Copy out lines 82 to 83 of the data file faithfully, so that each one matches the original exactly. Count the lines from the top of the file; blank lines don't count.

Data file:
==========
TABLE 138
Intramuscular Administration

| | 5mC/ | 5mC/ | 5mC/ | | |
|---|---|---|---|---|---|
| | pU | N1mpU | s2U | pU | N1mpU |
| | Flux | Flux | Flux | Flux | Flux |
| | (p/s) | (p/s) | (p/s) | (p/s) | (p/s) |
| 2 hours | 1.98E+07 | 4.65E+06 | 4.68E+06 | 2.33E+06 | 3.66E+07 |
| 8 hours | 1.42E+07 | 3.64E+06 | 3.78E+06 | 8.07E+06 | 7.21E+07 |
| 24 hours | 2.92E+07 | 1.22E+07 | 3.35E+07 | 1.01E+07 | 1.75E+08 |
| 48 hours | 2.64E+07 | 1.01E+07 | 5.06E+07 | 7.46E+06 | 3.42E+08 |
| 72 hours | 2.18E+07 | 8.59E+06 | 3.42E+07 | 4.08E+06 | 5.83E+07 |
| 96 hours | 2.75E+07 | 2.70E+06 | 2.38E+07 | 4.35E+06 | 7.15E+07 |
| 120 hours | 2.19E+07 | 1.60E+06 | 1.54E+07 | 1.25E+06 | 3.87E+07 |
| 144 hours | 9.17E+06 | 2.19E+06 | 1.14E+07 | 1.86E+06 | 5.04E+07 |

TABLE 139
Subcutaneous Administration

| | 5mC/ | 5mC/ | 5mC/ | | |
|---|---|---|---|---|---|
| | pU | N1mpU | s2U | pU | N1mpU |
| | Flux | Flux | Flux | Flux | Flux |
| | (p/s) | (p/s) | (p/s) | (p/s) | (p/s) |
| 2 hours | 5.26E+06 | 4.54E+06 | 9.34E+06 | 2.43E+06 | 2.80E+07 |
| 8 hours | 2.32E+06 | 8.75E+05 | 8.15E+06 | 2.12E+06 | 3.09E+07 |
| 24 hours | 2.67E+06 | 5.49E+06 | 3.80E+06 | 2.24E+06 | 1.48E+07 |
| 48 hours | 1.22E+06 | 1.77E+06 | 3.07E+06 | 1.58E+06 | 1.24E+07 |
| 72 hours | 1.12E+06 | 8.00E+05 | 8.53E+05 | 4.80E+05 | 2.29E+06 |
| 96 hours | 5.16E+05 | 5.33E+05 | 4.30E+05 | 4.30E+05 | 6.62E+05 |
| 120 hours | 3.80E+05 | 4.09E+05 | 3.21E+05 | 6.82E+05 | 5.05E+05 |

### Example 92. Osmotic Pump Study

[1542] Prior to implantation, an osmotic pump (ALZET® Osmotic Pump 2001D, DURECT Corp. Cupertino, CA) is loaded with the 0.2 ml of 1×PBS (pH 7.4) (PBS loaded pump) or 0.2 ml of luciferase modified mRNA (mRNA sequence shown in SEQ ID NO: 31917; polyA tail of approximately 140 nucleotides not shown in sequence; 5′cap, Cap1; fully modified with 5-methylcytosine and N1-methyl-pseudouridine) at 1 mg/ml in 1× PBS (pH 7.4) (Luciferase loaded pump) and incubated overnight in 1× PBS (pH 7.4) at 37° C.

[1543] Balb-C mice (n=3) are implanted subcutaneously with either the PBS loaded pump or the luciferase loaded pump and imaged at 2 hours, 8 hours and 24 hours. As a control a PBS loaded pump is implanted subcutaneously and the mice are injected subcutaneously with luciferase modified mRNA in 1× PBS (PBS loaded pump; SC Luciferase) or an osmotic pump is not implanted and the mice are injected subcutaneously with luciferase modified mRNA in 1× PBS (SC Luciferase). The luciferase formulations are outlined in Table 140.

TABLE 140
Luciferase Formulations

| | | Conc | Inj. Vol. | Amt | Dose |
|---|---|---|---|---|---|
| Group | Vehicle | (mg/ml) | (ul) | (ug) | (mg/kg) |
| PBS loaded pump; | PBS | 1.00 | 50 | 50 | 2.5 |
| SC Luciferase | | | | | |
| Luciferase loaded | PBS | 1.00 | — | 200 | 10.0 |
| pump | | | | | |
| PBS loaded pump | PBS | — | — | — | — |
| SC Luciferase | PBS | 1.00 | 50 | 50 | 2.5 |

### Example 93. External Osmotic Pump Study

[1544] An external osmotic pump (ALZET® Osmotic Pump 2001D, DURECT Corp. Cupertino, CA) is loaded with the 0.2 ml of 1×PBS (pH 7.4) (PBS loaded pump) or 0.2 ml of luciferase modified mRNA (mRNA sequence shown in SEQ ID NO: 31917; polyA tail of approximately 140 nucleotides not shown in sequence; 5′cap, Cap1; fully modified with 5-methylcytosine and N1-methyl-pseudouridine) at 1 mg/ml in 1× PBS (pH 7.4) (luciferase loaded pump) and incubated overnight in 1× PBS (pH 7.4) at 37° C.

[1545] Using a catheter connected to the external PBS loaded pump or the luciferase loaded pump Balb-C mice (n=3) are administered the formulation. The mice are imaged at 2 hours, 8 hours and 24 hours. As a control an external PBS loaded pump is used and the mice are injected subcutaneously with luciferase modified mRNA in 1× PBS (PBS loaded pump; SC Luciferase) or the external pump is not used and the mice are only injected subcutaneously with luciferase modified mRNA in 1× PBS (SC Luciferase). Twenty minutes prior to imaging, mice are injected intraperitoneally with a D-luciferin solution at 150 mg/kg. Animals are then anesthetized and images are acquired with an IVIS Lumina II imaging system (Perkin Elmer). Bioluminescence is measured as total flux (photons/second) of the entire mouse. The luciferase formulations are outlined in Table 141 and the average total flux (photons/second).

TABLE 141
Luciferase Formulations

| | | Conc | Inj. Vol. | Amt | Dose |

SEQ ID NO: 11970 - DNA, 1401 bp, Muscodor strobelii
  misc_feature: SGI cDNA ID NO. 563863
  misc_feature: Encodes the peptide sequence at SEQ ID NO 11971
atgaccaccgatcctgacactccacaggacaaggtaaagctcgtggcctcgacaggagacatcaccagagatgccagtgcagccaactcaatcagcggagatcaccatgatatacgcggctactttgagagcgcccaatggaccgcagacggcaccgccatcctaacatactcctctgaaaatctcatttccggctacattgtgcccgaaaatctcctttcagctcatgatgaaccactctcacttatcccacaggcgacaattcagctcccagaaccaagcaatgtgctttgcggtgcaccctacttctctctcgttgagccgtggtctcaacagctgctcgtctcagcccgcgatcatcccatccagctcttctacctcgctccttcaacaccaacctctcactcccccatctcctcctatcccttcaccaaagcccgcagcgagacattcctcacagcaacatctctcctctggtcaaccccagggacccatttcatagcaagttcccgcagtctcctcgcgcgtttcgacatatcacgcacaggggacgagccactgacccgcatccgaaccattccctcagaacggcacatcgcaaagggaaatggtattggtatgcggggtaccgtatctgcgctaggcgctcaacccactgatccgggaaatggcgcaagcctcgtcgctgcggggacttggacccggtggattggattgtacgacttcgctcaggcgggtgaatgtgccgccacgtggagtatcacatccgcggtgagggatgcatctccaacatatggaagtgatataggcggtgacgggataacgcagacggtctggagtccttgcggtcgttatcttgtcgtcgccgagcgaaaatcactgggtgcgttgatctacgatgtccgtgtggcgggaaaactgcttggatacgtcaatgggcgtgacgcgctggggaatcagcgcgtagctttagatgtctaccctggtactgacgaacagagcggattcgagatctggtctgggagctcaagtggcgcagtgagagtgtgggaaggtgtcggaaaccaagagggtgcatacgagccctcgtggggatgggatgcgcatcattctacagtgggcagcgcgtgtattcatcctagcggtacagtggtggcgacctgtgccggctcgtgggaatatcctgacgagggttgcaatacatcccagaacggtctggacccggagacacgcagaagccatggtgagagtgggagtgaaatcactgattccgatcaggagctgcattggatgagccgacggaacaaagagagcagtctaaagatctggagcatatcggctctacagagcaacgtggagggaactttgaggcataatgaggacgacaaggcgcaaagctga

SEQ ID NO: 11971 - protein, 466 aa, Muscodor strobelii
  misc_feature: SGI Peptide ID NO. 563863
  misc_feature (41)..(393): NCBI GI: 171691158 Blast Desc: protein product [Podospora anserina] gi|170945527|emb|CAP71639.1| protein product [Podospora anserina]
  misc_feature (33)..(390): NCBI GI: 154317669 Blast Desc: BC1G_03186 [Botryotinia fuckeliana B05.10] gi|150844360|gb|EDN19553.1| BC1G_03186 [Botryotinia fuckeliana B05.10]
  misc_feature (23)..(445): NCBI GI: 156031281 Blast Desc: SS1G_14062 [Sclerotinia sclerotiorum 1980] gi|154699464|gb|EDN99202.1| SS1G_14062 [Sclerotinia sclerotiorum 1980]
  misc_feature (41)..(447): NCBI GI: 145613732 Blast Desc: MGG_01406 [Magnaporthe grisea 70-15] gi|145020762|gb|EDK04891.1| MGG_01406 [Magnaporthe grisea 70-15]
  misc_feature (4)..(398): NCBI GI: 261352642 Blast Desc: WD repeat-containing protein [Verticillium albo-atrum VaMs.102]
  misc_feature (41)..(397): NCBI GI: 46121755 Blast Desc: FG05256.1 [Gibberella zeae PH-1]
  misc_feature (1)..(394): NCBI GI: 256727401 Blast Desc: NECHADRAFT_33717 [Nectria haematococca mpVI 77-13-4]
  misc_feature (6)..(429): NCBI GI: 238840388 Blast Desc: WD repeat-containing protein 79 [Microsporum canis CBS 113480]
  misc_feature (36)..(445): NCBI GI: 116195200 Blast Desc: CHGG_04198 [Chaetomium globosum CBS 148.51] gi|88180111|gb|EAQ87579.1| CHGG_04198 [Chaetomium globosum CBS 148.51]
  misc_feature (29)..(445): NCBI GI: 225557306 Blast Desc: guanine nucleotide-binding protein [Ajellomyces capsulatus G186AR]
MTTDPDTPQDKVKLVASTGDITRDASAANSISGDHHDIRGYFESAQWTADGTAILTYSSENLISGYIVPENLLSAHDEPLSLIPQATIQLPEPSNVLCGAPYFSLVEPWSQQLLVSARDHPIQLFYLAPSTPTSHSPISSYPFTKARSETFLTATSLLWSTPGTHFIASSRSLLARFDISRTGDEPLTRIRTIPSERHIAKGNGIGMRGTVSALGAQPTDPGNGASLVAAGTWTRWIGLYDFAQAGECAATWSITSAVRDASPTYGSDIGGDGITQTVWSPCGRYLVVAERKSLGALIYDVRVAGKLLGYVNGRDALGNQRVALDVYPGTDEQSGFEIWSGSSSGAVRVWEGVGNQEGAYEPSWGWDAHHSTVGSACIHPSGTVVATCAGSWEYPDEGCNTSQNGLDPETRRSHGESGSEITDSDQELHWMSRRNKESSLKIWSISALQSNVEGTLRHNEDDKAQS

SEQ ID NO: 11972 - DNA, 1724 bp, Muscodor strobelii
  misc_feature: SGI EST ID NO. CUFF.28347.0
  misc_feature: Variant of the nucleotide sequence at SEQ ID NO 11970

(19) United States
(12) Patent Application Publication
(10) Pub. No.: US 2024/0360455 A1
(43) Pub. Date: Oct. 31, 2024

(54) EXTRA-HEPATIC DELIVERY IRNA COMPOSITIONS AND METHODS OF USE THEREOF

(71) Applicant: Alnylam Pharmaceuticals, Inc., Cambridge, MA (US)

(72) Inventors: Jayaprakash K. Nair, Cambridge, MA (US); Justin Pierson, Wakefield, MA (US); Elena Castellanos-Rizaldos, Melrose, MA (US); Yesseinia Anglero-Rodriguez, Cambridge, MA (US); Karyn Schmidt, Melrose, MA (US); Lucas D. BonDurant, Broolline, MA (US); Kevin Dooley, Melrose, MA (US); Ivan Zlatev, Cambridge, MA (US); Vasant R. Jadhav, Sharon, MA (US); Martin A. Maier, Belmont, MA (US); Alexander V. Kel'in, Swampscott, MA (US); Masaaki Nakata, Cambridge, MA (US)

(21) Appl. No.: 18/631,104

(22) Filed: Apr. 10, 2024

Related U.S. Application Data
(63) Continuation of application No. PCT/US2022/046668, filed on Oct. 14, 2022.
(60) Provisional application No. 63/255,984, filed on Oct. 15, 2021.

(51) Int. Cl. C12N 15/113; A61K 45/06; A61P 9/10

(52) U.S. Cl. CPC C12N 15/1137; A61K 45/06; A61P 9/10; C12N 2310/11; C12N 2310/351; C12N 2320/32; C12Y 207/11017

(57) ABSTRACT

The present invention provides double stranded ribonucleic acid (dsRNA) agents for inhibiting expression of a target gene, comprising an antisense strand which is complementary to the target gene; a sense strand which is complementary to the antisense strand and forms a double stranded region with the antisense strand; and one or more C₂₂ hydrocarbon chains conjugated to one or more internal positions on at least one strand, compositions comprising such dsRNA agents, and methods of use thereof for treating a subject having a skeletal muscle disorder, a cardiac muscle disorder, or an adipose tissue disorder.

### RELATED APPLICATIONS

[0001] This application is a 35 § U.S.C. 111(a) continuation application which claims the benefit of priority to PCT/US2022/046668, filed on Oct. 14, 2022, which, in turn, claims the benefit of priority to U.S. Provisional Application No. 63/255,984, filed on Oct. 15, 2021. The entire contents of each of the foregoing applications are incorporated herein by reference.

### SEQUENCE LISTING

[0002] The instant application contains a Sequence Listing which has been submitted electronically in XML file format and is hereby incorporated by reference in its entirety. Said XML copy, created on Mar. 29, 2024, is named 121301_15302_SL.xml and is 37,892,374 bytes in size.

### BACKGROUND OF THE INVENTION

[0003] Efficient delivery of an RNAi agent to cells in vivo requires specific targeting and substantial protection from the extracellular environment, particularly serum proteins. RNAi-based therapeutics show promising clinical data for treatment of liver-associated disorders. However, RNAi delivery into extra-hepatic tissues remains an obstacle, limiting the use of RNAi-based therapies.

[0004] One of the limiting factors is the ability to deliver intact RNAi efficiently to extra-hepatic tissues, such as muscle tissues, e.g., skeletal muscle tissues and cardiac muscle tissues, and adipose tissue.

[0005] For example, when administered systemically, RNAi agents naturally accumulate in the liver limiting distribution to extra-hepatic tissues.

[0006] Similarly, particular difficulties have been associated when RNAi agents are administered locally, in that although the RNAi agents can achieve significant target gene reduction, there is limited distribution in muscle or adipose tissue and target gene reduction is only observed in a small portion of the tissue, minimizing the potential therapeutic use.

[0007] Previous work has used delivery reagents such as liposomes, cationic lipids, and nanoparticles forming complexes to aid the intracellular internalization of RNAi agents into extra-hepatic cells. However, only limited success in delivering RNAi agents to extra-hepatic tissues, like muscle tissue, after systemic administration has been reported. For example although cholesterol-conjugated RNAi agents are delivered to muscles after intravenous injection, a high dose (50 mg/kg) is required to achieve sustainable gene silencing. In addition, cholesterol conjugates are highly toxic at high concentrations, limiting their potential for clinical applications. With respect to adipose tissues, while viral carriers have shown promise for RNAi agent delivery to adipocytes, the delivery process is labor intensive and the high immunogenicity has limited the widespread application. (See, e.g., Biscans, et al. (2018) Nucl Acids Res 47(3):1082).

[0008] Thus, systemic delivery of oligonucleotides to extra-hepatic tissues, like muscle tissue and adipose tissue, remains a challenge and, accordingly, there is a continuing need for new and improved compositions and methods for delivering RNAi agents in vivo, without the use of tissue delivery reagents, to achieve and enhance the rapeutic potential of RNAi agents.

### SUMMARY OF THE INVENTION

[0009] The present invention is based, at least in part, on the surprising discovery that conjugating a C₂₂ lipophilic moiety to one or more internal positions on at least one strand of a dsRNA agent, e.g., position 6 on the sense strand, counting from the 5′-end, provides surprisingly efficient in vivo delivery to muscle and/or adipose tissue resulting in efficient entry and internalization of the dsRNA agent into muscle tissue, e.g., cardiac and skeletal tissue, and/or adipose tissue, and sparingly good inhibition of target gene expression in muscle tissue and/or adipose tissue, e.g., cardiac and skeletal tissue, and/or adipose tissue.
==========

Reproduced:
(51) Int. Cl. C12N 15/113; A61K 45/06; A61P 9/10

(52) U.S. Cl. CPC C12N 15/1137; A61K 45/06; A61P 9/10; C12N 2310/11; C12N 2310/351; C12N 2320/32; C12Y 207/11017